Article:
Who would have thought that only after about 6 weeks I will be sitting at home and looking at the best handmade camera straps from all over the world. What started as a simple “Why not try and see if I can get a few straps for a review” thought turned out into possibly the largest major strap review there is. Today I have 16 fantastic straps in this review and all of it was possible thanks to the people who made these great products. The best thing about trying to reach small companies is that someone will actually get back to you. In this case it’s the owner and the person who feels the pride for making every single strap by hand and often for the custom orders. The price tags run pretty high, but after seeing all of the straps in person and looking at the stitching and designs it just becomes so clear that maybe the price tags don’t even begin to cover the real price of the straps. It’s months of development, leather testing, tool adjustments, supplier research, marketing, actually making the straps. In short, you get to feel all that care and love when you put one of these straps on your camera.
I was in NYC and I just decided to buy Sony A7R. That camera is just screaming for something custom and I started doing my research. I knew a few companies because I love browsing camera stuff on Instagram. That’s where I found everyone. To my really big surprise I ended up getting the straps from every person I reached out to. This just shows you the level of responsiveness of these ladies and gentlemen. At some point I realized that this will be a massive review an not just about the straps, but about the things you need to consider when making your buying choices. I have to point out one major thing before we move on.
I MIGHT LIKE ONE CAMERA/STRAP COMBO, BUT YOU MIGHT LIKE ANOTHER ONE.
So take me seriously when I talk about the features of the straps, but as I go into each one it’s all just personal preferences and tastes. I’m not going to tell you what you should like. This is an honest review. I got a lot of the straps for free, so I don’t want to be ungrateful, but I’ll call things as they are. Another important factor is that each brand actually makes a variety of products and I might not necessarily have the combo that you want. Please go to the websites and see the full ranges of straps available. Everyone has more than one option. This review includes straps by Tap & Dye, Gordy, Cecilia, Holdfast, Cub & Co., Figosa, Barton 1972, Yb Putro, RSVP, Viveo, Hard Graft, Ona Bags, Trillo & Son Leather Co., and I’m expecting a few more straps to come in. I will talk about each strap and then cover some important features that you need to consider.
Straps by brand
Let’s talk at least a little bit about each strap. You can see the photos of each one below and also how the straps look on the camera. The strap/camera combos are my personal preferences. The straps are in the order of how I got them.
Tap & Dye
Origin: New York, US
Price: $85 (Porter strap)
I was very pumped to receive the first strap. It was just around the time when I got back from NYC and the feeling the city left didn’t wear off yet. The strap and the packaging are very well thought out. Not every strap comes in like that and unwrapping it is an experience in itself. I can say that this might be one of my favorite leather combos. It’s very vintage looking and the feel of it is great. The strap takes your shape after about a week of using it. The logos are in all the right places and the strap gives the feel of something high quality without screaming about it. It sounds like I’m talking about a person. The attachment rings are very well made and the width of the shoulder pad is just perfect for the strap size. You can pick your desired length when you order your strap. There also are other great combos, especially the limited edition JCH strap. I used my strap on A7R with my Canon 70-300L glass, which is huge, and it did look funny, but the strap held all this weight with no issues. So go the website and look at other options available.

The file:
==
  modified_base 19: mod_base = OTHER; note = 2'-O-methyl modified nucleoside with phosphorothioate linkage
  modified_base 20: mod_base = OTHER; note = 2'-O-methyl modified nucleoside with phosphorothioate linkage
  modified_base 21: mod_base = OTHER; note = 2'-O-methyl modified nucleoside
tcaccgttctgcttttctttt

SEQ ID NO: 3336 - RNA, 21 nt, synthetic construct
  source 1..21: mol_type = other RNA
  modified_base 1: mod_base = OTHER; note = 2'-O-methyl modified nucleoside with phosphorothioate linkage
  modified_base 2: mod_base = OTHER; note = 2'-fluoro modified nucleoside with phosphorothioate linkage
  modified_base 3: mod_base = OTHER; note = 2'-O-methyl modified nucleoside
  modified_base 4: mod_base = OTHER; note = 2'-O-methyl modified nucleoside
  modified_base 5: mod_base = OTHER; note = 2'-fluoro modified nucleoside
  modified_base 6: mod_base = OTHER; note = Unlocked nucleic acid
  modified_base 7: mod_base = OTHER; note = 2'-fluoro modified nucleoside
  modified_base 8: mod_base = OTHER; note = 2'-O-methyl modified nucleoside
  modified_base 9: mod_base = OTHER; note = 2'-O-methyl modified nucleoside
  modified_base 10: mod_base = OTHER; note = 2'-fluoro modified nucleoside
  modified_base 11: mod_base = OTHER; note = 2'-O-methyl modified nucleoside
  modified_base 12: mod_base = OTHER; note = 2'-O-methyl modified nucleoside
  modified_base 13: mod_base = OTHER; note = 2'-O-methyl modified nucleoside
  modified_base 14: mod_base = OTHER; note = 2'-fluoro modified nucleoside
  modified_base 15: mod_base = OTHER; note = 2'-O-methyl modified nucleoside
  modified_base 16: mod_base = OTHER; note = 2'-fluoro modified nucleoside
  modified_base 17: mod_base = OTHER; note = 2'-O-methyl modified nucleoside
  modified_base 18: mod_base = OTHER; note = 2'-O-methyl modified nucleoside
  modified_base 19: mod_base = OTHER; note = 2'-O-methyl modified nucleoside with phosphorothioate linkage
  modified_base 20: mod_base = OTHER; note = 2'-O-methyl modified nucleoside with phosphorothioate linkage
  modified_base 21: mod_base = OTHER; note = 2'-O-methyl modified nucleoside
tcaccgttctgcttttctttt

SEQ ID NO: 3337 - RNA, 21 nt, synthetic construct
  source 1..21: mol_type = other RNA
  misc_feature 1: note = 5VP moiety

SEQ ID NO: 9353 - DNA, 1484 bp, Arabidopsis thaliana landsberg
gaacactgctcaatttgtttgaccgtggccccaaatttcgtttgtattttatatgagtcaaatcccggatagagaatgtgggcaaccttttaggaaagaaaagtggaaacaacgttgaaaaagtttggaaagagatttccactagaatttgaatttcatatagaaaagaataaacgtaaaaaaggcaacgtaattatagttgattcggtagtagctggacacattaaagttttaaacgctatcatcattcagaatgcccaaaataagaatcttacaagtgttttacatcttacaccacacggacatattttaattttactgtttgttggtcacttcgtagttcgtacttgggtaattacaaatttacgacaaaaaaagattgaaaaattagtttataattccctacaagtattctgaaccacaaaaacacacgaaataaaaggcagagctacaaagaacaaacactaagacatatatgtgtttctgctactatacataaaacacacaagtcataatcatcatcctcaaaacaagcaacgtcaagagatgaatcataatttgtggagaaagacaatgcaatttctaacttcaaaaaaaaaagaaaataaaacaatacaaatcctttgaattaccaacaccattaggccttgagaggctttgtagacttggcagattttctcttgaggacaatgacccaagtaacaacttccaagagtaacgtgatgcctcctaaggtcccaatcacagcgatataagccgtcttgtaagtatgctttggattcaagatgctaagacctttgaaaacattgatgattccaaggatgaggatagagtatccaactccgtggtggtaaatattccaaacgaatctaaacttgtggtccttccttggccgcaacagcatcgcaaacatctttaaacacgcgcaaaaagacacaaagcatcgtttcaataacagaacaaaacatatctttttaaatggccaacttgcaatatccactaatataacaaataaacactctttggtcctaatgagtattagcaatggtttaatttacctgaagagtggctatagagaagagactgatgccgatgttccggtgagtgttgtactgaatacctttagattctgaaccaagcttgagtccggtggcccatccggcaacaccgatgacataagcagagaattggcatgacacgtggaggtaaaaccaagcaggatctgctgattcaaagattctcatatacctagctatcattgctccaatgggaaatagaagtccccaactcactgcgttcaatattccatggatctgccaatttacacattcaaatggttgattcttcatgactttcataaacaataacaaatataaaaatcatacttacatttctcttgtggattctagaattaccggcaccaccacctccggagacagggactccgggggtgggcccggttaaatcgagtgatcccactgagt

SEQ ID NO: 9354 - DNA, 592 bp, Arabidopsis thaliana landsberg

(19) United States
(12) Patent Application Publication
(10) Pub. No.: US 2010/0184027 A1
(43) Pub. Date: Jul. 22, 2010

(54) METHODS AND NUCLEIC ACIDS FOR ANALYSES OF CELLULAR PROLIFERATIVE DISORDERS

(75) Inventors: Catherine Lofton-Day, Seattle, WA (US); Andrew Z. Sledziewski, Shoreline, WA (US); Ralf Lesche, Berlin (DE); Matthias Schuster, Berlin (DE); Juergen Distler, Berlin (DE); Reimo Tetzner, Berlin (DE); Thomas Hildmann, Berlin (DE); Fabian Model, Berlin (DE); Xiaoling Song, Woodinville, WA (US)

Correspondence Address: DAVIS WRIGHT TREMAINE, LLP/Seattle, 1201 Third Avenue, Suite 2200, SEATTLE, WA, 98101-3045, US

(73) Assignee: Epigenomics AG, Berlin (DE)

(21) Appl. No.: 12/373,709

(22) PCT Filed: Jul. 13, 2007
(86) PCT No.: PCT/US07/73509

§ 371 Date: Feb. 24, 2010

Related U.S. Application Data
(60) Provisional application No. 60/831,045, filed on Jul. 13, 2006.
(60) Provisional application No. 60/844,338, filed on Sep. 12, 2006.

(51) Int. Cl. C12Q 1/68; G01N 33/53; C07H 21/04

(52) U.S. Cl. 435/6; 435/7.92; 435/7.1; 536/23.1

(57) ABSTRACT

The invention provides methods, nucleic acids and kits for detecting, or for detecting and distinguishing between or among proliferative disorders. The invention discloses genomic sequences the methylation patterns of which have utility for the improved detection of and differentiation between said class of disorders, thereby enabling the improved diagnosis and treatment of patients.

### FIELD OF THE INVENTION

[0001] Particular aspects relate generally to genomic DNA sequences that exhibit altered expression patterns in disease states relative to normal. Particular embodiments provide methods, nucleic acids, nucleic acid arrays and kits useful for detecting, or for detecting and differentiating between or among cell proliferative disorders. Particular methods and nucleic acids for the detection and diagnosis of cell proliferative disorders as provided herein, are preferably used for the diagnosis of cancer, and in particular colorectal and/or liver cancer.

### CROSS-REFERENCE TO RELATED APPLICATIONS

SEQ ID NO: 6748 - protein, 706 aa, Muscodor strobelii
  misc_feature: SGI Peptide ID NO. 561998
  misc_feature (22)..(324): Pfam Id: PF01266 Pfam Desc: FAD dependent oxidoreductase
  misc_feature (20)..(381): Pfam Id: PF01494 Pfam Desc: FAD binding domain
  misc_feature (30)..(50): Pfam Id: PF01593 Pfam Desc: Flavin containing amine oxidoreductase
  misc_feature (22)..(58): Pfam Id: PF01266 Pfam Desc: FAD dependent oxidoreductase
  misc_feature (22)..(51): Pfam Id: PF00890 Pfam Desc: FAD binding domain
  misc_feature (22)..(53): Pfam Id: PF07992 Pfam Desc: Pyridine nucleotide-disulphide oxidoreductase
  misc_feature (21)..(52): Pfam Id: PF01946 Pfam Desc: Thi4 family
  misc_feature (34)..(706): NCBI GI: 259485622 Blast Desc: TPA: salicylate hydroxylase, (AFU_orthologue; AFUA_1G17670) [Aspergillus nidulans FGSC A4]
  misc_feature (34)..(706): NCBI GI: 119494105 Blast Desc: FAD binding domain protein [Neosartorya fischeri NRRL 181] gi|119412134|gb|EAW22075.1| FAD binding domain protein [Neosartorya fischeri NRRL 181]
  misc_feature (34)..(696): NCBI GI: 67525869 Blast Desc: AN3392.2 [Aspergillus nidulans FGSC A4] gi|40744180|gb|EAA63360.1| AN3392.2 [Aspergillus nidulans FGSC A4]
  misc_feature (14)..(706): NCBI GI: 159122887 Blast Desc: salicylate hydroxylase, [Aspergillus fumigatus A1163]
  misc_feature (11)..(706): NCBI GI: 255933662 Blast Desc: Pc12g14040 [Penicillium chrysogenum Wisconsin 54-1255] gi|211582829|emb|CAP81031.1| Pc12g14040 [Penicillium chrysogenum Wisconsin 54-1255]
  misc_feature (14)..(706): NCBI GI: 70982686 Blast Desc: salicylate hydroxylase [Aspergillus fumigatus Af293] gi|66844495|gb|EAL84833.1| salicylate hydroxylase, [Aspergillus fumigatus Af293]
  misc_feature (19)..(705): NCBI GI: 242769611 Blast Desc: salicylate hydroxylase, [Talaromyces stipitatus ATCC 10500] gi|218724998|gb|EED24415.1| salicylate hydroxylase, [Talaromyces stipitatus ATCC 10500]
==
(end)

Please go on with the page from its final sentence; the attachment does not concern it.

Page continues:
Origin: Washington, USA
Price: $35+ depending on setup
I didn’t know much about Gordy straps before the review. I found out that they are super popular for rangefinder cameras and have a bit of a indie/Wild West look. I can totally see these straps at Coachella, which is a big music festival in California. People wear vintage clothes, fedora hats, and some very nice handmade accessories. The strap I got is pretty much the full package. It’s got length adjustment, ring bumpers, and the perfect length for me. Gordy is probably one of the few strap makers who can create any custom combo you want. You just pick what you need and add that to the price. I found his straps in a YouTube video of a guy who did a review of the Voighlander lens that I was looking to buy. Gordy straps are perfect for the portable film and digital cameras that have the old school look. The strap has a very good support system to keep the loose pieces in place. In other straps you can have something hanging on the side, but not on Gordy. I think this strap as a very specific camera combo in mind and that’s what sets it apart aside from great quality.
Cub & Co.
Origin: New York, USA
Price: $110 (Russet Shooter strap)